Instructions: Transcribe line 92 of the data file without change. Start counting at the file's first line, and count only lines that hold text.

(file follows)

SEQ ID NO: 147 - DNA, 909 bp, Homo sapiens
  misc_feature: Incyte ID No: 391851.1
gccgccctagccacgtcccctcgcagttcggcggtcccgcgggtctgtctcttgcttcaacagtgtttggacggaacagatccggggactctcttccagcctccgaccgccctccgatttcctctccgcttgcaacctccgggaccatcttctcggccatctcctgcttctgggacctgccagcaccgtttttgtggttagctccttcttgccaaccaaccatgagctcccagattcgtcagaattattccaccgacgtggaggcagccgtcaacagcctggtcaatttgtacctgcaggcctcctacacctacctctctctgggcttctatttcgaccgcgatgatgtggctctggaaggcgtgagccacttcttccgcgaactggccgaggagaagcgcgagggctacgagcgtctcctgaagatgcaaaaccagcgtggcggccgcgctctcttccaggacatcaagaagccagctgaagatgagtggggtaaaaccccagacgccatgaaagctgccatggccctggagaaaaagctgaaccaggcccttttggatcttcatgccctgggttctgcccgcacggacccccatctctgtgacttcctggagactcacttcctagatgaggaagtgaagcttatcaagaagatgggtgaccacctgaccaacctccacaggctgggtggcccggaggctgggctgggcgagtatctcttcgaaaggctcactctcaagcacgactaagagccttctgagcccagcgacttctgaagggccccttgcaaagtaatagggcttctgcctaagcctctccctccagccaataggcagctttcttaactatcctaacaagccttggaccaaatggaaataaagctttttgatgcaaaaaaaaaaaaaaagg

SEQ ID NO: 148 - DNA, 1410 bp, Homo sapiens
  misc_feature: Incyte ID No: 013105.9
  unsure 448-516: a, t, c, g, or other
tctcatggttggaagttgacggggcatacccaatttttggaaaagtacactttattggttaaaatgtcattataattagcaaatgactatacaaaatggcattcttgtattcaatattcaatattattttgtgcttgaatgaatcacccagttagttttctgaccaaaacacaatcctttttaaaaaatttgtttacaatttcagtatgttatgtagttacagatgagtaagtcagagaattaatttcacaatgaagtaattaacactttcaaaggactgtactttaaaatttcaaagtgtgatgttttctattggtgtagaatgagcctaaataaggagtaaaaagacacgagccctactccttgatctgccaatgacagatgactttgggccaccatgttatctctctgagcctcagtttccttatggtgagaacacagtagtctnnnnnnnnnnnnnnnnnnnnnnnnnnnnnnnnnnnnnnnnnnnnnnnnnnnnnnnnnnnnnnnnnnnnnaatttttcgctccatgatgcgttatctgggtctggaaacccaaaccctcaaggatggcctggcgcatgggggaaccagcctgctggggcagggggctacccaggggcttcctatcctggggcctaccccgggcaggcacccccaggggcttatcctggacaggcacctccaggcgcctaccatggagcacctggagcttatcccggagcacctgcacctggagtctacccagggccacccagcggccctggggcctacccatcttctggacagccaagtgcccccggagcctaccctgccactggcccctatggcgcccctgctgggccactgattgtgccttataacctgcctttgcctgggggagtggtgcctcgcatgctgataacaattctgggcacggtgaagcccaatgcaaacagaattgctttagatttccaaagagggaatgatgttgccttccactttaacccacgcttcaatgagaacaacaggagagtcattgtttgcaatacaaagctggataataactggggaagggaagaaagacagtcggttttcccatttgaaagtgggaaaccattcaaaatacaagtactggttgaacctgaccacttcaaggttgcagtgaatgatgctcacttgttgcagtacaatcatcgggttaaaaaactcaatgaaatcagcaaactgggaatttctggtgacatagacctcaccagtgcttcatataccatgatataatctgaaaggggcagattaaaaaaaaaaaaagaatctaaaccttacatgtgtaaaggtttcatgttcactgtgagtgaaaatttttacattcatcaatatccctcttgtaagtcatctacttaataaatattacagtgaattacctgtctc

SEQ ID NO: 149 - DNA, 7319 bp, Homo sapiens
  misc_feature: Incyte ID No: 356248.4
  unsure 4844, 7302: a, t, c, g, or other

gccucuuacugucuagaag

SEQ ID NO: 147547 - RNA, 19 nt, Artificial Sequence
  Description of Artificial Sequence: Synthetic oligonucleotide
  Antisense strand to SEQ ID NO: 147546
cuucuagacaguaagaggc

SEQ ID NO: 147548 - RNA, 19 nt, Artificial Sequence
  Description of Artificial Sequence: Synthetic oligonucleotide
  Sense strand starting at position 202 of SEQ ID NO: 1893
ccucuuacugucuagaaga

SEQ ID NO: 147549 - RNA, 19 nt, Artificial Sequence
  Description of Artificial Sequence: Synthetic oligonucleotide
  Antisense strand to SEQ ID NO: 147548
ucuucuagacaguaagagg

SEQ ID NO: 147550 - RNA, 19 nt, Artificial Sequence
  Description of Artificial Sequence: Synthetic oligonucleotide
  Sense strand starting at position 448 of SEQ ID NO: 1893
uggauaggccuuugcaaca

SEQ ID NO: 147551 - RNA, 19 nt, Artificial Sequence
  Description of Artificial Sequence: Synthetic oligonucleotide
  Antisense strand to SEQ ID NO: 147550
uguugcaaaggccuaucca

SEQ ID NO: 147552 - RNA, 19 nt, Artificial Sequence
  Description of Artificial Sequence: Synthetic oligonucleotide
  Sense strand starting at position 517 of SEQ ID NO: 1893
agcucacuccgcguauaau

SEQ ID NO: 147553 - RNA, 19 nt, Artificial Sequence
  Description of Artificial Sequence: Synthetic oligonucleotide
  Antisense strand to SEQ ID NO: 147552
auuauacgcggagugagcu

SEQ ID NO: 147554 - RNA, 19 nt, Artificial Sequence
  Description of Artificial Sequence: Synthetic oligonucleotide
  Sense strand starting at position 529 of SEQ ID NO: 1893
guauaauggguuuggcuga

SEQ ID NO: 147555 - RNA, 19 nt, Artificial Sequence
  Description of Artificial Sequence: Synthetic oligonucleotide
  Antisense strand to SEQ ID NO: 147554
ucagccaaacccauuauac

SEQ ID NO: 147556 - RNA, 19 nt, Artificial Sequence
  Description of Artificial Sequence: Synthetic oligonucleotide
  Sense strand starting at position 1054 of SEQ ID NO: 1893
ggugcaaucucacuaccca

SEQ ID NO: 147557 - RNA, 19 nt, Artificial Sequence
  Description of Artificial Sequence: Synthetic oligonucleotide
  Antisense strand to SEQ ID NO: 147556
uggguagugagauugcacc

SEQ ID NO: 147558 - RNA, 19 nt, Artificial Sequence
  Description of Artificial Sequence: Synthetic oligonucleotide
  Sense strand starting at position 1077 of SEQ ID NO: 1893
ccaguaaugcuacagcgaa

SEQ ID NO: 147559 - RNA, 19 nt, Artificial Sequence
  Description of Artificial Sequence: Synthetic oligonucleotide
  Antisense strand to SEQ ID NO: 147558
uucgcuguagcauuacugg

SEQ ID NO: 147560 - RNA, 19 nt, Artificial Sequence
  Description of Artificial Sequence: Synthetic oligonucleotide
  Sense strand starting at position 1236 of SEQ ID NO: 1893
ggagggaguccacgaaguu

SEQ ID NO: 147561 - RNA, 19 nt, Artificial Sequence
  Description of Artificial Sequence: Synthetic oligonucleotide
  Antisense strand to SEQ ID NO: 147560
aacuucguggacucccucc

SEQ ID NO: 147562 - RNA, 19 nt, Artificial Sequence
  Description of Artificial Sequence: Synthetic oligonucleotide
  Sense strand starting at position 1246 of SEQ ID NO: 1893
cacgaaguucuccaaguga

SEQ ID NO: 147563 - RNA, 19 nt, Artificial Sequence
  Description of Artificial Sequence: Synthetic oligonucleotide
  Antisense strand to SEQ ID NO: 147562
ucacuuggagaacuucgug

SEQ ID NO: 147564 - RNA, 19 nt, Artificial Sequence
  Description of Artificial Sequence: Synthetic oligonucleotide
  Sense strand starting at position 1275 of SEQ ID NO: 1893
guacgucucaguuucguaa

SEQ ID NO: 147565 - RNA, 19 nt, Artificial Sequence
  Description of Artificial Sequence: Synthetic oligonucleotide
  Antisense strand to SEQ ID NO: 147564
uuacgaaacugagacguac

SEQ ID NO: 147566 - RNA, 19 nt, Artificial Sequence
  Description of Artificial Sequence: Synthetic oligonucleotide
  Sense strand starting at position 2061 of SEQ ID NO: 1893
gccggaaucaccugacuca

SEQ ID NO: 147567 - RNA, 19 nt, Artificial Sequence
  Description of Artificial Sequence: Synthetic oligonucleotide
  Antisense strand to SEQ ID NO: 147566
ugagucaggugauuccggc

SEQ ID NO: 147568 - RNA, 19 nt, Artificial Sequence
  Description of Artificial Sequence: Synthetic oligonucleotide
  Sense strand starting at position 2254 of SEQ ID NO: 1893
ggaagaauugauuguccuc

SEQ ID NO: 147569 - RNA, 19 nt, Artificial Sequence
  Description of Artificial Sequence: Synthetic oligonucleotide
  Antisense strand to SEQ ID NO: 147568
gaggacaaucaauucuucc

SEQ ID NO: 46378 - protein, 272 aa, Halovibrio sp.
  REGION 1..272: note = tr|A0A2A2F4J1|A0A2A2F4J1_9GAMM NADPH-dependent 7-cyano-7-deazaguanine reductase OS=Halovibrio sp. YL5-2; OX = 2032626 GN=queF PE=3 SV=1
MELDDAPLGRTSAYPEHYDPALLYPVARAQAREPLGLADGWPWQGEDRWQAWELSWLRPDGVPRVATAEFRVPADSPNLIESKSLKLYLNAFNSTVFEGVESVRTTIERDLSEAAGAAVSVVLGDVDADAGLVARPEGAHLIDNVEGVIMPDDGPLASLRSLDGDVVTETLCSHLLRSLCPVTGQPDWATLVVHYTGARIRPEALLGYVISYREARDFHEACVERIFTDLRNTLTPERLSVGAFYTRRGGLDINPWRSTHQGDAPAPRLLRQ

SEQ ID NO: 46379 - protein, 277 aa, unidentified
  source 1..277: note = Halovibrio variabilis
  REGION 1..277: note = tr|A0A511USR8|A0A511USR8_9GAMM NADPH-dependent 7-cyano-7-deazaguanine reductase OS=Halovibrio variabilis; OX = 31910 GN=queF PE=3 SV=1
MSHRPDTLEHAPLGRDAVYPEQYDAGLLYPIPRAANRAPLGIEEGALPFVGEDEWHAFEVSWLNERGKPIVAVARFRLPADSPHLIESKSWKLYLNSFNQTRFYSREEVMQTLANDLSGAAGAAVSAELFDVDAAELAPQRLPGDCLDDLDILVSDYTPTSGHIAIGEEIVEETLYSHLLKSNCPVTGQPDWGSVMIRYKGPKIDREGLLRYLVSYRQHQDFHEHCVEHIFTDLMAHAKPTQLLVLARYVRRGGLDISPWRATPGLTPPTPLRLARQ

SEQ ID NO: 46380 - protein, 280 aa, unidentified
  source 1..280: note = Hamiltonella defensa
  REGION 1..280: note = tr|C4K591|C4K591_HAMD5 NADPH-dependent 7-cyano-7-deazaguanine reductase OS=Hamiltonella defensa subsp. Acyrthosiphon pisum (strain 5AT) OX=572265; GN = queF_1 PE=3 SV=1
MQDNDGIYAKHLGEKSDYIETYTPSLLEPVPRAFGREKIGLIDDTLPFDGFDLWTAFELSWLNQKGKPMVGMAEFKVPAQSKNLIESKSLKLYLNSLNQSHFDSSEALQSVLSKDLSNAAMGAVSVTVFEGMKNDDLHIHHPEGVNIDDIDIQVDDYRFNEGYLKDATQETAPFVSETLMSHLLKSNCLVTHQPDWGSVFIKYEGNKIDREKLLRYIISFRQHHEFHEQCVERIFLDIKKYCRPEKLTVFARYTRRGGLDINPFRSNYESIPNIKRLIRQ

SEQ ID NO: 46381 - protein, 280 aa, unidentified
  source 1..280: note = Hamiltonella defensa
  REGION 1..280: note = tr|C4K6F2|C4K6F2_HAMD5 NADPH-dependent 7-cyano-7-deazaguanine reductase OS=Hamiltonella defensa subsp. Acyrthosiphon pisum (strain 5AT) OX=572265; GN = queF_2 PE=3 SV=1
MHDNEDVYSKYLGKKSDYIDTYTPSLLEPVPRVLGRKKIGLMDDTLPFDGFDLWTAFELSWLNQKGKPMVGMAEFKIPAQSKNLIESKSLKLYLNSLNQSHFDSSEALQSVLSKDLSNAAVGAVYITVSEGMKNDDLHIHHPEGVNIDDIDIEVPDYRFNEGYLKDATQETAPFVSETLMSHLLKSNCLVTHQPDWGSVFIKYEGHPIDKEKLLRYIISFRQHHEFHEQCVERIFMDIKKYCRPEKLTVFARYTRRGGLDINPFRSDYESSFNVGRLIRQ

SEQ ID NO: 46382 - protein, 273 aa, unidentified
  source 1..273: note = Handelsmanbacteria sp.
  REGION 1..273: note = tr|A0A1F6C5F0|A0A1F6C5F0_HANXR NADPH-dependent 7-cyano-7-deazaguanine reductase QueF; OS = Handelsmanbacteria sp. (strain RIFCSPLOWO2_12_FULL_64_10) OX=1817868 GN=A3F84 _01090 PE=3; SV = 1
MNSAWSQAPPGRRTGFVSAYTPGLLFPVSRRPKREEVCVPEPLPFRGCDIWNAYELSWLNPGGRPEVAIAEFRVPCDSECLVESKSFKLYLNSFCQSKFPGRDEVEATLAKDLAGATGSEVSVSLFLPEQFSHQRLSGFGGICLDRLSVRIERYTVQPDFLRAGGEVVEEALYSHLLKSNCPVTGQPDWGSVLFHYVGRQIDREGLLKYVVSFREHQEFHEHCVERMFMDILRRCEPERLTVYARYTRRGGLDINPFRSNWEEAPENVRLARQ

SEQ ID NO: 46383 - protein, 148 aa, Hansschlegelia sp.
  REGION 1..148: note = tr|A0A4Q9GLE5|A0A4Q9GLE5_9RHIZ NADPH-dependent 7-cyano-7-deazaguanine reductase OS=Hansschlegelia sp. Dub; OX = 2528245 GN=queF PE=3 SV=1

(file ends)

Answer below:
SEQ ID NO: 147567 - RNA, 19 nt, Artificial Sequence